There’s a lot of data in the JavaScript heap so this data is pre-filtered (we found that when presented without any sorting or filtering, it quickly becomes overwhelming). We decided to reduce the amount of data by filtering JavaScript built-ins and ‘object ids’ (unique identifier for the objects), by default. The object ID is useful if there are multiple anonymous objects which need to be differentiated. The view is focused on showing only the objects that the application contributes along with any memory allocated by JavaScript frameworks you may be consuming.

Showing built-ins and objects IDs in the details table can be turned on by using the drop down at the top right corner of the details view.

Fast detection of objects allocations

The details can show either the dominators or types view by default depending on which hyperlink is chosen on the summary tile.

  • The dominators view shows a sorted list of the objects by retained size, which means the objects consuming the most memory that are potentially easiest to free would be listed at the top.
  • The retained size of an object is the amount of memory that the object is preventing the garbage collector from reclaiming, which includes the size of the object and also all the objects it references (and any objects they reference) that are not referenced by any other object such that this object is their only ancestor. To be clear, retained size can be thought of as the amount of memory that will be reclaimed if all of the references to the current object are removed.

Drilling down into an object in the Dominators view allows inspection of the objects it references. At the bottom of the tool window there’s a Reference graph, which displays which objects are referencing the selected object in the top table.

Right-clicking on an object allows “Show in roots view”. The Roots view is a different pivot on the memory presented in a hierarchical tree which shows the relationships of what is keeping an object alive (in a sense, what is the ultimate GC root of an object). In this view the top level objects are things like ‘(global object)’, which equates to doing something like ‘var someObject = new Something()’. At this point, someObject is ‘rooted’ to the global object.

Memory inspection at specific points during application execution

It’s sometimes important to be able to take snapshots at very specific points in time, such as immediately before a large mutation of the DOM. This can be difficult to do via the buttons in the tool, particularly if the tool is used, changes are made, and then the same scenario is run again. To alleviate these issues you can take snapshots programmatically.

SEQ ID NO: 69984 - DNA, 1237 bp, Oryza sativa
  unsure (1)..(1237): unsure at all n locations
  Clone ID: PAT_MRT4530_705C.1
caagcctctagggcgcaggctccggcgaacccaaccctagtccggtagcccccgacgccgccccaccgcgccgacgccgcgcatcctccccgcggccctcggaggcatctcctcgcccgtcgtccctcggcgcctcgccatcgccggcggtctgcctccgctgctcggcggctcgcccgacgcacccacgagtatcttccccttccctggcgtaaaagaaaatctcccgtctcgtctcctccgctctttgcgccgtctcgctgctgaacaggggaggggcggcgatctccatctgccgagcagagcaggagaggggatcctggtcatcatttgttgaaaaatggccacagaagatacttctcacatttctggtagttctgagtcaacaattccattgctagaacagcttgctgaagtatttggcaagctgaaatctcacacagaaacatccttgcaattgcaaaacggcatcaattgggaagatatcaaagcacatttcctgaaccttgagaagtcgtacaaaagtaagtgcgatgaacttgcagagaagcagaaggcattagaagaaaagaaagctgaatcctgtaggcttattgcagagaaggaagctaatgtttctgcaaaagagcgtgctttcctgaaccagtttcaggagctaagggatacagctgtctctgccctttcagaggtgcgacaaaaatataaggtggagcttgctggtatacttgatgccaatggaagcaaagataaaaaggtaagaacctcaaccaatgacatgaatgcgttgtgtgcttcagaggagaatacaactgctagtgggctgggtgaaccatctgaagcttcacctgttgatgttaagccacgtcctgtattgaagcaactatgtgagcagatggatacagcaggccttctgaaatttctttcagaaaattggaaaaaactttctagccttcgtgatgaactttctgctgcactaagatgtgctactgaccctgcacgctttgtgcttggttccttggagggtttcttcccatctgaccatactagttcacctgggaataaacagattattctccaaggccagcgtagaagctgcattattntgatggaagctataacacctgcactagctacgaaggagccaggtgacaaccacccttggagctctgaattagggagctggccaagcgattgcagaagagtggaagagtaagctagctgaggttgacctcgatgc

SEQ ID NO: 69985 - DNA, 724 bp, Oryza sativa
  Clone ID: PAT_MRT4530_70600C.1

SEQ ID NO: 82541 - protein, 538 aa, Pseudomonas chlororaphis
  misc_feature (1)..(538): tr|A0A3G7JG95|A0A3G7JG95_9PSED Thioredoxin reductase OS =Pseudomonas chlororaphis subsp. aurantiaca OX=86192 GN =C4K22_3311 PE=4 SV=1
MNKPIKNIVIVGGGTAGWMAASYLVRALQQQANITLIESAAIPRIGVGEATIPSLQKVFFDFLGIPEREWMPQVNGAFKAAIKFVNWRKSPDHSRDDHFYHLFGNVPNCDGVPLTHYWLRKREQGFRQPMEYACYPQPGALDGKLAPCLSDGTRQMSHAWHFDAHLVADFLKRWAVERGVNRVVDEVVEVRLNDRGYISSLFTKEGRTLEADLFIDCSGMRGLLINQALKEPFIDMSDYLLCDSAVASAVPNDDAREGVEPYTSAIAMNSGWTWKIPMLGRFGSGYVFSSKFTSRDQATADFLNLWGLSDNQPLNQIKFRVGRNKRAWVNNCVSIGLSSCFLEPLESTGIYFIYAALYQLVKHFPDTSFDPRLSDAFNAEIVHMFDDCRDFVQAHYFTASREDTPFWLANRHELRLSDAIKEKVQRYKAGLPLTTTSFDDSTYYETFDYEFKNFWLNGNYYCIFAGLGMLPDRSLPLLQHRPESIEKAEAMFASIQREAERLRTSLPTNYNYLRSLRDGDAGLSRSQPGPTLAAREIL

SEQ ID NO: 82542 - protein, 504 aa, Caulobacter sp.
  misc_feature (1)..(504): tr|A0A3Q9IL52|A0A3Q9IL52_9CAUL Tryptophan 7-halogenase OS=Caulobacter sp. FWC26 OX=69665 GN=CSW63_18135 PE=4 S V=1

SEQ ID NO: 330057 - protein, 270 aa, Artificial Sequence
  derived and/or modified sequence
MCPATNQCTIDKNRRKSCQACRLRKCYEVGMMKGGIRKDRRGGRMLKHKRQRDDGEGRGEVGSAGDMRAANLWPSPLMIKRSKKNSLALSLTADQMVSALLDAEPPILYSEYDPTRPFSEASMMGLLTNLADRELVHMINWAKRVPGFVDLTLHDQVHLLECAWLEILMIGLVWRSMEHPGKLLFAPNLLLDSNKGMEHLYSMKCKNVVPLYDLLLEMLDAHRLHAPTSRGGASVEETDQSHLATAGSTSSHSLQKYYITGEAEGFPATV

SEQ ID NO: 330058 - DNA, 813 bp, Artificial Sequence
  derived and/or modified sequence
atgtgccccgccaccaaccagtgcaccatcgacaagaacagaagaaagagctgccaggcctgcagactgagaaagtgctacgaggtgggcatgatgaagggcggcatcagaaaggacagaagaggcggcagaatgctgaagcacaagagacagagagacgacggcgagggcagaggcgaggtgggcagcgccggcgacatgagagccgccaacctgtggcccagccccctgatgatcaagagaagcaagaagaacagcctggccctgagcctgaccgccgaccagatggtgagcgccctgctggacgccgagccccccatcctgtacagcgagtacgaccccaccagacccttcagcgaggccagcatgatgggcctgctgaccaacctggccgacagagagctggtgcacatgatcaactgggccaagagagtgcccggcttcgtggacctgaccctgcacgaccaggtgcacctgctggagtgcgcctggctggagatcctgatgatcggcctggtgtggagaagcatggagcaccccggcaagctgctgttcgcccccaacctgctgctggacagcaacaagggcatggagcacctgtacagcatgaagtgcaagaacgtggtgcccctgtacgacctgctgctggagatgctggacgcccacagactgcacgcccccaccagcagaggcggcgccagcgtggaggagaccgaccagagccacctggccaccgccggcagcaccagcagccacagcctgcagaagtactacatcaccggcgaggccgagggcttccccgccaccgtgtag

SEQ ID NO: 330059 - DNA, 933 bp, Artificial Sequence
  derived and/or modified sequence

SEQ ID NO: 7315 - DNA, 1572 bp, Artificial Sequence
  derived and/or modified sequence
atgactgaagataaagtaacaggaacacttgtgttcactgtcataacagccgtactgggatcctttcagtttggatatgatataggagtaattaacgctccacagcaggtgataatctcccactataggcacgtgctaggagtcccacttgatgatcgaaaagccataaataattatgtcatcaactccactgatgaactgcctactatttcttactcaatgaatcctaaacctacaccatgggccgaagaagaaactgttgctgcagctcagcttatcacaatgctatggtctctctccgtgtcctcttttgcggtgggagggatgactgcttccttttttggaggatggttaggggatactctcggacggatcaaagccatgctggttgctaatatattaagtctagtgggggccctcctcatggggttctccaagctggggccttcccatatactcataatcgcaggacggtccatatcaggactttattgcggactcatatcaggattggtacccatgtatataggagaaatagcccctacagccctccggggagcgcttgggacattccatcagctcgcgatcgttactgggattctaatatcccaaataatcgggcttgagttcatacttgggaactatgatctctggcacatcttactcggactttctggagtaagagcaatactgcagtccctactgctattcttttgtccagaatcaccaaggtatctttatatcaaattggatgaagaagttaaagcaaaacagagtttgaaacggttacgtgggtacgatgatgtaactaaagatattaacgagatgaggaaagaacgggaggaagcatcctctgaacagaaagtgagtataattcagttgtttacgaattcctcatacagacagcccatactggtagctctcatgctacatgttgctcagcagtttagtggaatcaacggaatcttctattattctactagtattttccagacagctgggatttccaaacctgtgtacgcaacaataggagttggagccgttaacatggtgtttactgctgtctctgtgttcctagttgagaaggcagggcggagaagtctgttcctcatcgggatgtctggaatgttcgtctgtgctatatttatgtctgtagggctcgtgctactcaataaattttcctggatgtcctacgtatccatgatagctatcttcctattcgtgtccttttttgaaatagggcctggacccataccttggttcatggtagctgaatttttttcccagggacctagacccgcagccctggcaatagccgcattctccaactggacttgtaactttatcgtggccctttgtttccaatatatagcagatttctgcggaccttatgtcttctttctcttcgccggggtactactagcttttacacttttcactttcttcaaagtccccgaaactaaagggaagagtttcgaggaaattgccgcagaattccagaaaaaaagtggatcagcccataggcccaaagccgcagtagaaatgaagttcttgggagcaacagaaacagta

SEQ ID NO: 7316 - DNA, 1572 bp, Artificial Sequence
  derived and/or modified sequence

• console.takeHeapSnapshot – takes a snapshot that appears on the tool
  • console.profileMark – displays a profile mark in the memory graph while the diagnostic session is running.

In addition, there are often interesting sync points that might contribute to memory churn that are useful to be able to identify over the course of an analysis session. For this you can annotate the graph with custom ‘marks’.

It’s important to check for existence of the commands before usage, since they are only available in the context of the memory analyzer, example:

if (console && console.takeHeapSnapshot) {


Sharing memory analysis sessions

Working on teams or having someone with more experience take a look at analysis data is often helpful. When you stop a diagnostic session (after walking through a scenario under memory analysis and having taken at least one snapshot), the collection of snapshots is saved to disk.

A Diagnostic Sessions folder appears under the opened Solution in Visual Studio (or in Miscellaneous Files if no solution is open), which contains “.diagsession” files.

The .diagsession files can be renamed and shared and later re-opened in compatible versions of Visual Studio. When opening the file you can see the snapshot tiles and inspect the detail views.


The JavaScript memory analyzer tool for Windows Store applications in Visual Studio enables you to easily identify how much memory is being consumed by a JavaScript-based Windows Store app. In particular, it supports quickly identifying what’s keeping objects alive such that memory issues can be addressed. It provides a simple UI, clean details view for investigations and views for fast detection of JavaScript memory allocations.

Related links:

We hope that you will find this an invaluable tool! Please provide us with your feedback!


The JavaScript Language Tooling Team